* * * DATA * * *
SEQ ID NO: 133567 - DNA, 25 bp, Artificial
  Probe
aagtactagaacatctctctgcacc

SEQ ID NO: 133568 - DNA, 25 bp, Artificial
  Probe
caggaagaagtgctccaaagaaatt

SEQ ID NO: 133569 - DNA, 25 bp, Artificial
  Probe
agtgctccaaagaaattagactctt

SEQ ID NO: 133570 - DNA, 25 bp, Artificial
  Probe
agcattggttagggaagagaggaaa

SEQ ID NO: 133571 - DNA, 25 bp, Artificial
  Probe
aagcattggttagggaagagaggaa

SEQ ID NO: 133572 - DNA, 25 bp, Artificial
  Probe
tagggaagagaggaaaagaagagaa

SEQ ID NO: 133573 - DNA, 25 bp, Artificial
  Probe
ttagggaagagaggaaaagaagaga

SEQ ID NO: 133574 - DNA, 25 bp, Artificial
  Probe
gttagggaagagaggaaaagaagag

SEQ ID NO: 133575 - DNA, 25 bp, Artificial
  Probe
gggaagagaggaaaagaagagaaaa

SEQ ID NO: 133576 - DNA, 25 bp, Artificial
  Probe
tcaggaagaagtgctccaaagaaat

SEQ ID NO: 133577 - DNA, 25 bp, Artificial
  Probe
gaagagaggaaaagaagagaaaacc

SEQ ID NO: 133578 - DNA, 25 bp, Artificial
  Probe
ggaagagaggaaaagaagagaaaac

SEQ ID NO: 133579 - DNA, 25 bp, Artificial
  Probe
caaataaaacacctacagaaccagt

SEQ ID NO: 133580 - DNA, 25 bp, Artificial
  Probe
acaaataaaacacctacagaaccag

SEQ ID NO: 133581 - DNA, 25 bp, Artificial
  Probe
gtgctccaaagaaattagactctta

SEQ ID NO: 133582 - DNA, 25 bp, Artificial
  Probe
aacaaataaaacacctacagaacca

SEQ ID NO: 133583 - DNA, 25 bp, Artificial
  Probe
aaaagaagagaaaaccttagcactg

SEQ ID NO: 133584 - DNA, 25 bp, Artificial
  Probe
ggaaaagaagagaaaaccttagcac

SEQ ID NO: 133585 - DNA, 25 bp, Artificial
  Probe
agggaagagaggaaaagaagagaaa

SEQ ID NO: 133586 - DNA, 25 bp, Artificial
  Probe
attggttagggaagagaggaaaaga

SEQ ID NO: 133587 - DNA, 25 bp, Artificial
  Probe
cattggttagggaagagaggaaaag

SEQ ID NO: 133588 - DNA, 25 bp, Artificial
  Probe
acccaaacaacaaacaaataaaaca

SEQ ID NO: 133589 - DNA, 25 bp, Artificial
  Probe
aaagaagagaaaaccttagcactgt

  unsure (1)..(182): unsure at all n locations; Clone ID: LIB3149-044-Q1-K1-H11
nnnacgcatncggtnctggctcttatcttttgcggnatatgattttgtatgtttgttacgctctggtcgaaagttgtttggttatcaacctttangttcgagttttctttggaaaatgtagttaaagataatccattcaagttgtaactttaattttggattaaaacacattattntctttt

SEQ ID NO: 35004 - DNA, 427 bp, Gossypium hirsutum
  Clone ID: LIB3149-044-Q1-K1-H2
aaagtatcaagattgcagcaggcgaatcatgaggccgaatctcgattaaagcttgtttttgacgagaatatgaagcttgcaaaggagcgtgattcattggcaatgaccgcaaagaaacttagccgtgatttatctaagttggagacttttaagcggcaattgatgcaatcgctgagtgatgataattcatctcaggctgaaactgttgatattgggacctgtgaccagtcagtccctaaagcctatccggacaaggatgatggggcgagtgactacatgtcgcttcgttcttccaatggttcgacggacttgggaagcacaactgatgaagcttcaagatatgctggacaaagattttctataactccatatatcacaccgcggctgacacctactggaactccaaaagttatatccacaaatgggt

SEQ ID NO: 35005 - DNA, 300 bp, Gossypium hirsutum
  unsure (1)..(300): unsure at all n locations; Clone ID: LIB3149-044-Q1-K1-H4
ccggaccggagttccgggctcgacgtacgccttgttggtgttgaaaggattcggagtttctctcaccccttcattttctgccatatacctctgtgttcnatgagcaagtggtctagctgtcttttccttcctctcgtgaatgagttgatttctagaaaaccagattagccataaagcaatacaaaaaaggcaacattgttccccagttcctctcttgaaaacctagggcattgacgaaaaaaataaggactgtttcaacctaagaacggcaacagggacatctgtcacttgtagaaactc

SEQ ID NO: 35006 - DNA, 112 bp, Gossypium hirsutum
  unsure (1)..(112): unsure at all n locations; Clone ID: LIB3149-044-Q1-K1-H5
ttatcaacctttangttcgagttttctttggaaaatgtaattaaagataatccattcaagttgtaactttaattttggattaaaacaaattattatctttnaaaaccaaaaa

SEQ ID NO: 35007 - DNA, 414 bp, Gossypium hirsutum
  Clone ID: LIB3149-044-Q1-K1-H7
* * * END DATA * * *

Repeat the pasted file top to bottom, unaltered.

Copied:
SEQ ID NO: 133567 - DNA, 25 bp, Artificial
  Probe
aagtactagaacatctctctgcacc

SEQ ID NO: 133568 - DNA, 25 bp, Artificial
  Probe
caggaagaagtgctccaaagaaatt

SEQ ID NO: 133569 - DNA, 25 bp, Artificial
  Probe
agtgctccaaagaaattagactctt

SEQ ID NO: 133570 - DNA, 25 bp, Artificial
  Probe
agcattggttagggaagagaggaaa

SEQ ID NO: 133571 - DNA, 25 bp, Artificial
  Probe
aagcattggttagggaagagaggaa

SEQ ID NO: 133572 - DNA, 25 bp, Artificial
  Probe
tagggaagagaggaaaagaagagaa

SEQ ID NO: 133573 - DNA, 25 bp, Artificial
  Probe
ttagggaagagaggaaaagaagaga

SEQ ID NO: 133574 - DNA, 25 bp, Artificial
  Probe
gttagggaagagaggaaaagaagag

SEQ ID NO: 133575 - DNA, 25 bp, Artificial
  Probe
gggaagagaggaaaagaagagaaaa

SEQ ID NO: 133576 - DNA, 25 bp, Artificial
  Probe
tcaggaagaagtgctccaaagaaat

SEQ ID NO: 133577 - DNA, 25 bp, Artificial
  Probe
gaagagaggaaaagaagagaaaacc

SEQ ID NO: 133578 - DNA, 25 bp, Artificial
  Probe
ggaagagaggaaaagaagagaaaac

SEQ ID NO: 133579 - DNA, 25 bp, Artificial
  Probe
caaataaaacacctacagaaccagt

SEQ ID NO: 133580 - DNA, 25 bp, Artificial
  Probe
acaaataaaacacctacagaaccag

SEQ ID NO: 133581 - DNA, 25 bp, Artificial
  Probe
gtgctccaaagaaattagactctta

SEQ ID NO: 133582 - DNA, 25 bp, Artificial
  Probe
aacaaataaaacacctacagaacca

SEQ ID NO: 133583 - DNA, 25 bp, Artificial
  Probe
aaaagaagagaaaaccttagcactg

SEQ ID NO: 133584 - DNA, 25 bp, Artificial
  Probe
ggaaaagaagagaaaaccttagcac

SEQ ID NO: 133585 - DNA, 25 bp, Artificial
  Probe
agggaagagaggaaaagaagagaaa

SEQ ID NO: 133586 - DNA, 25 bp, Artificial
  Probe
attggttagggaagagaggaaaaga

SEQ ID NO: 133587 - DNA, 25 bp, Artificial
  Probe
cattggttagggaagagaggaaaag

SEQ ID NO: 133588 - DNA, 25 bp, Artificial
  Probe
acccaaacaacaaacaaataaaaca

SEQ ID NO: 133589 - DNA, 25 bp, Artificial
  Probe
aaagaagagaaaaccttagcactgt

  unsure (1)..(182): unsure at all n locations; Clone ID: LIB3149-044-Q1-K1-H11
nnnacgcatncggtnctggctcttatcttttgcggnatatgattttgtatgtttgttacgctctggtcgaaagttgtttggttatcaacctttangttcgagttttctttggaaaatgtagttaaagataatccattcaagttgtaactttaattttggattaaaacacattattntctttt

SEQ ID NO: 35004 - DNA, 427 bp, Gossypium hirsutum
  Clone ID: LIB3149-044-Q1-K1-H2
aaagtatcaagattgcagcaggcgaatcatgaggccgaatctcgattaaagcttgtttttgacgagaatatgaagcttgcaaaggagcgtgattcattggcaatgaccgcaaagaaacttagccgtgatttatctaagttggagacttttaagcggcaattgatgcaatcgctgagtgatgataattcatctcaggctgaaactgttgatattgggacctgtgaccagtcagtccctaaagcctatccggacaaggatgatggggcgagtgactacatgtcgcttcgttcttccaatggttcgacggacttgggaagcacaactgatgaagcttcaagatatgctggacaaagattttctataactccatatatcacaccgcggctgacacctactggaactccaaaagttatatccacaaatgggt

SEQ ID NO: 35005 - DNA, 300 bp, Gossypium hirsutum
  unsure (1)..(300): unsure at all n locations; Clone ID: LIB3149-044-Q1-K1-H4
ccggaccggagttccgggctcgacgtacgccttgttggtgttgaaaggattcggagtttctctcaccccttcattttctgccatatacctctgtgttcnatgagcaagtggtctagctgtcttttccttcctctcgtgaatgagttgatttctagaaaaccagattagccataaagcaatacaaaaaaggcaacattgttccccagttcctctcttgaaaacctagggcattgacgaaaaaaataaggactgtttcaacctaagaacggcaacagggacatctgtcacttgtagaaactc

SEQ ID NO: 35006 - DNA, 112 bp, Gossypium hirsutum
  unsure (1)..(112): unsure at all n locations; Clone ID: LIB3149-044-Q1-K1-H5
ttatcaacctttangttcgagttttctttggaaaatgtaattaaagataatccattcaagttgtaactttaattttggattaaaacaaattattatctttnaaaaccaaaaa

SEQ ID NO: 35007 - DNA, 414 bp, Gossypium hirsutum
  Clone ID: LIB3149-044-Q1-K1-H7